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Canada (162,359)
Sociology (1,513)
SOC219H5 (35)
Chapter

Aboriginal Justice Policy in Canada.docx

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Department
Sociology
Course
SOC219H5
Professor
Nicole Myers
Semester
Winter

Description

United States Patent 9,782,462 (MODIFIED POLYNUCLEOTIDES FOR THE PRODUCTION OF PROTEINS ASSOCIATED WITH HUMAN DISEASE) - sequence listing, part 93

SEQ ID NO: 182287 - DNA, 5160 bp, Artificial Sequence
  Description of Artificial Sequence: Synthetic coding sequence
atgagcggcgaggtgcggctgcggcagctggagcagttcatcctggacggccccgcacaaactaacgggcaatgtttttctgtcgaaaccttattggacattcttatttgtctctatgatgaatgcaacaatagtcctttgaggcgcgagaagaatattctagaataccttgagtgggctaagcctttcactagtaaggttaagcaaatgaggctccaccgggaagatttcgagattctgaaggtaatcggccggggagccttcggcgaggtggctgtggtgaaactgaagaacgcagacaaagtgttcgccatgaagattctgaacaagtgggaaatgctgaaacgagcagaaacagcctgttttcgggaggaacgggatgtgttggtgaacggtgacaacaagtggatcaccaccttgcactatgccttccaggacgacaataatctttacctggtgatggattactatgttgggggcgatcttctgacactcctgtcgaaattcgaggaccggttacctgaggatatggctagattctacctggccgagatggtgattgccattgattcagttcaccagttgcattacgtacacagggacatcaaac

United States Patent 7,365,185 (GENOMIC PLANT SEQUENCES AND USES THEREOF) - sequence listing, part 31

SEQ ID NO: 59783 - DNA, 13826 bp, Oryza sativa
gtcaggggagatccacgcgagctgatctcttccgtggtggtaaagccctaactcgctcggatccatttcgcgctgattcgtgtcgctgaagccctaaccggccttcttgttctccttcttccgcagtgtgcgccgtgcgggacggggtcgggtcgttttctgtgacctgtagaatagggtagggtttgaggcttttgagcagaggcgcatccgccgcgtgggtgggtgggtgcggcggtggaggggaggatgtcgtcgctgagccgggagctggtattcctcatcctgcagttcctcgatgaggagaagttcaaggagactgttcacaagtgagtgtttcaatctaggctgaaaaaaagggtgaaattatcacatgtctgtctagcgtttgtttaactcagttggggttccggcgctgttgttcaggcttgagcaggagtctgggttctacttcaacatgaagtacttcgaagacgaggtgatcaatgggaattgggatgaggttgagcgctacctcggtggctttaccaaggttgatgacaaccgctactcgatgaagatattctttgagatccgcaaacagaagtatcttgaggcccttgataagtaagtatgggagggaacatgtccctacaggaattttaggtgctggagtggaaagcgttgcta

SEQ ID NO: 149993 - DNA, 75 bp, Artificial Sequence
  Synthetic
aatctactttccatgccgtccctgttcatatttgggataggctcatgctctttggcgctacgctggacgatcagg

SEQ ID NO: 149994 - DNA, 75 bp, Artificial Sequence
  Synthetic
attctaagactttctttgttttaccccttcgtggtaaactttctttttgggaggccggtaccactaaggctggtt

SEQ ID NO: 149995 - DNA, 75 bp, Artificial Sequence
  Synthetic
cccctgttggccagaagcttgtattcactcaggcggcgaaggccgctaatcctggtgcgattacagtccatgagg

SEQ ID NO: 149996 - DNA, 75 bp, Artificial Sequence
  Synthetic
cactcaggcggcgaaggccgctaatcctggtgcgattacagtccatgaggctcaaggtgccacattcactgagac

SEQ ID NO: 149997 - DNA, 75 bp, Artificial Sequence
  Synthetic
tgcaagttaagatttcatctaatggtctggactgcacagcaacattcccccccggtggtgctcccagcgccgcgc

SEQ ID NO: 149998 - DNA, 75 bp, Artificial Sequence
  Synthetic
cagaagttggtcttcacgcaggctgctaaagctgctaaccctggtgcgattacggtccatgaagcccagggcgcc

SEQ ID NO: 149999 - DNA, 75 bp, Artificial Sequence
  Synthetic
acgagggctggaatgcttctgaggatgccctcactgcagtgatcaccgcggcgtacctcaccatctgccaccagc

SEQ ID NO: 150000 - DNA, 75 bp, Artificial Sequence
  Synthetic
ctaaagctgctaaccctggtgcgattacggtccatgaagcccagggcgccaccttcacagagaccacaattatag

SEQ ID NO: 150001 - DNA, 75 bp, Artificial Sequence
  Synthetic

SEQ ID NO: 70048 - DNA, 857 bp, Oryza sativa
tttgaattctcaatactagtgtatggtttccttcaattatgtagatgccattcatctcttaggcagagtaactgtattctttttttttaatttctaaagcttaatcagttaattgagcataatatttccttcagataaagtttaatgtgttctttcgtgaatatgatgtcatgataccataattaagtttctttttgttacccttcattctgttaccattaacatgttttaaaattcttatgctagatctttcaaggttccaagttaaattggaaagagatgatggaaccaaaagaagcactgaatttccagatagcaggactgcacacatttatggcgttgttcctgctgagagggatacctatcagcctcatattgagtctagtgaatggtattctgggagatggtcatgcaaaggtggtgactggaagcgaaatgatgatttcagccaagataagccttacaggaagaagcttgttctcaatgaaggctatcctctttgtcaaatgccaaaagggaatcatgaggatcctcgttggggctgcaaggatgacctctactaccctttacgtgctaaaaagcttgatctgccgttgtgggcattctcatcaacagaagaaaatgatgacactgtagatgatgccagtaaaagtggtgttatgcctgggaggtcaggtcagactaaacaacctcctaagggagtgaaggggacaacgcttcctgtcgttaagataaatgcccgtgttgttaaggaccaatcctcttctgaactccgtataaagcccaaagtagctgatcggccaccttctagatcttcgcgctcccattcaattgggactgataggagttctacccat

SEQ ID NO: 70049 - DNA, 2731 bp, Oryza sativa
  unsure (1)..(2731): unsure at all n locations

Aboriginal Justice Policy in Canada Canada‟s CJS has failed in regards to all Aboriginals – pointed out by the Aboriginal Justice Inquiry of Manitoba (1991) and the Royal Commission on Aboriginal Peoples (RCAP) Policies are formed by all levels of government (federal and provincial/territorial) and the RCMP, Supreme Court of Canada, and sometimes the lower courts Federal: 1. Criminal Code 2. Constitution: Indian Act, Section 35 of Canadian Charter of Rights and Freedoms Provincial – Ontario Court of Justice & Ministry of the Attorney General of Ontario: Administration of justice, including application of the Criminal Code Supreme Court of Canada: Rulings that bear directly on Aboriginal people and the CJS  take into account by all trial courts and all levels of government Indian Act: - Effective 1876; many amendments since - Refers only to Aboriginal people who are registered with the federal Department of Indian and Northern Affairs in having „status‟  Indian government - Grants by the Crown of reserve lands only apply to certain Aboriginal people - „non-status‟ Indians cannot register and thus normally not live on reserves - Inuit and Metis are not covered by the Act and thus don‟t receive benefits - Aboriginals increasingly live in urban settings (54% in 2006)  major implications for policy development in society, including the CJS Overrepresentation: The Extent of the Problem - Extreme overrepresentation of Aboriginals as incarcerated offenders: o 2008/09 Office of the Correctional Investigator: incarceration rate for Aboriginal people has increased, are almost 9 times the national average, and Aboriginals are 1/5 of federally incarcerated o 32% of federally incarcerated women are Aboriginal - Statistics Canada, in 2007/08: Aboriginals were 22% of those sentenced to any level of government custody, but are only 3% of Canada‟s total population o Proportion of Aboriginal offenders to non-Aboriginal offenders continues to increase, although rates vary by province/territory o Among provinces, representation of Aboriginal adults in custody is higher - Incarceration rates of Aboriginal youth are higher than non-Aboriginal youth o 2005/06: 31% in sentenced custody and 23% in remand o But are only 6% of Canada‟s youth population - Over-incarceration has a negative impact on incarcerated individuals o Nunavut: overcrowding, no programming, difficult for families to visit because they must travel by air, hard to return home after release, gang recruitments o Need to give educational and occupational opportunities equal to those of non-Aboriginals to help in decreasing the incarceration rate - Aboriginals are overrepresented as offenders, victims, and in correctional facilities  CJS is seriously flawed Systematic Discrimination: A Framework for Analysis - Aboriginal people are overrepresented in virtually all aspects of the CJS, including policing, courts, and corrections  widespread bias against Aboriginals, which has translated into systematic discrimination in the CJS - Systematic discrimination: tending to arise from the unconscious implementation of structures or policies which were not intended to be discriminatory but which, owing to the manner in which they interact with larger social structures, have a negative impact on members of certain groups o Used where the application of a standard or criterion, or the use of “standard practice”, creates a negative impact upon an identifiable group that is not consciously intended - Doesn‟t only affect Aboriginals, but also other racialized minority groups - Aboriginals are overrepresented as offenders and victims, and systematic discrimination exists in the CJS for two reasons: 1. Socio-economic marginality a. Structural problems that lead to the social and economic marginality of Aboriginal people b. 2006, median income & employment rates: i. non-Aboriginals - $33,394 & 81.6% ii. Aboriginals - $22,366 & 65.8% iii. First Nations - $19,114 & 60.4% c. Employment rates are even lower in non-urban areas d. Seriously substandard levels of housing, education, and healthcare i. Need much more dwelling repairs than non-Aboriginals ii. Very few adults had attained a university degree iii. High rates of tuberculosis and suicide 2. Colonialism a. Cultural alienation, territorial dispossession, and socio-economic marginalization became increasingly pronounced i. Resulted in crime and alcoholism Policy Development: Attempts to Address the Impacts of Systematic Discrimination - Examples of policies designed to address systematic discrimination (reduce overrepresentation of Aboriginals in the CJS): 1. Changes in the Criminal Code on sentencing (federal government & Supreme Court) 2. Establishment of Gladue (Aboriginal Person) Court in Toronto by Ontario Court of Justice & Attorney General of Ontario 3. Federal Aboriginal Justice strategy Sentencing Policy and Aboriginal People - 1996: amendments to Criminal Code – section 718: guidelines on sentencing which constrains judges‟ decision-making o Aimed to reduce sentences of imprisonment imposed by courts o Section 718.2(e) encourages usage of alternative sanctions than imprisonment, especially in the case of Aboriginals  due to over- incarceration of Aboriginals - 1999: appeals from British Columbia in R. v. Gladue lead the Supreme Court to o Emphasize section 718.2(e) and all Aboriginals should be considered, regardless of where they live (urban, remote, or on reserve) o Recognize roles of poverty, marginalization, and systematic discrimination in overrepresentation of Aboriginals o Emphasize sentencing alternatives through a restorative justice approach, but due to rarity of programs, all alternatives should be considered even if they don‟t have a cultural component  However, there is a lack of adequate restorative justice programming so Aboriginals are still being incarcerated - Section 718.2(e) does not mean Aboriginals will always receive lesser sentences, but that in terms of a violent offence Aboriginals and non-Aboriginals will receive similar sentences - The Supreme Court‟s Gladue judgments are too general and do not give guidelines for sentencing according to the Criminal Code‟s new amendments - Critics Stenning & Roberts declare Gladue a „bad criminal justice policy‟ and that neither the legislation (new amendments) nor the judgment would result in a decrease in Aboriginal overrepresentation 1. Aboriginal overrepresentation is not due to discrimination during sentencing, but rather from a complex variety of factors: higher offending rates due to socio-economic marginalization and discrimination in other areas of the CJS 2. Parity is lost – other minorities suffer from socio-economic marginalization and systematic discrimination, but Aboriginals are only given consideration 3. Alternatives referred to by the court are essentially non-existent - Roach & Rudin argue that judges may apply conditional sentences in place of imprisonment where less serious sanctions could have been imposed prior to section 718.2(e) and Gladue, resulting in net widening for Aboriginal offenders o Conditional sentences are a prison sentence of under 2 years to be served in the community under certain conditions set by a judge  Breaching conditions would lead to actual incarceration for remainder of sentence  Aboriginal offenders are disproportionately likely to offend, reoffend, and breach conditions due to social and economic marginalization (a result of colonialism), which varies throughout Canada and is leading to the emergence of a growing „Aboriginal underclass‟ – group of Aboriginals at greatest risk o Also, judges may impose a conditional sentence of greater duration than an imprisonment sentence - Despite call, government support, and motivation for change, nothing has really changed – why? 1. Enormous scope of problem 2. Limitations of the CJS - Underlying problems should first be addressed; only then will the policy changes introduced make an impact The Gladue (Aboriginal Persons) Court in Toronto - Policy success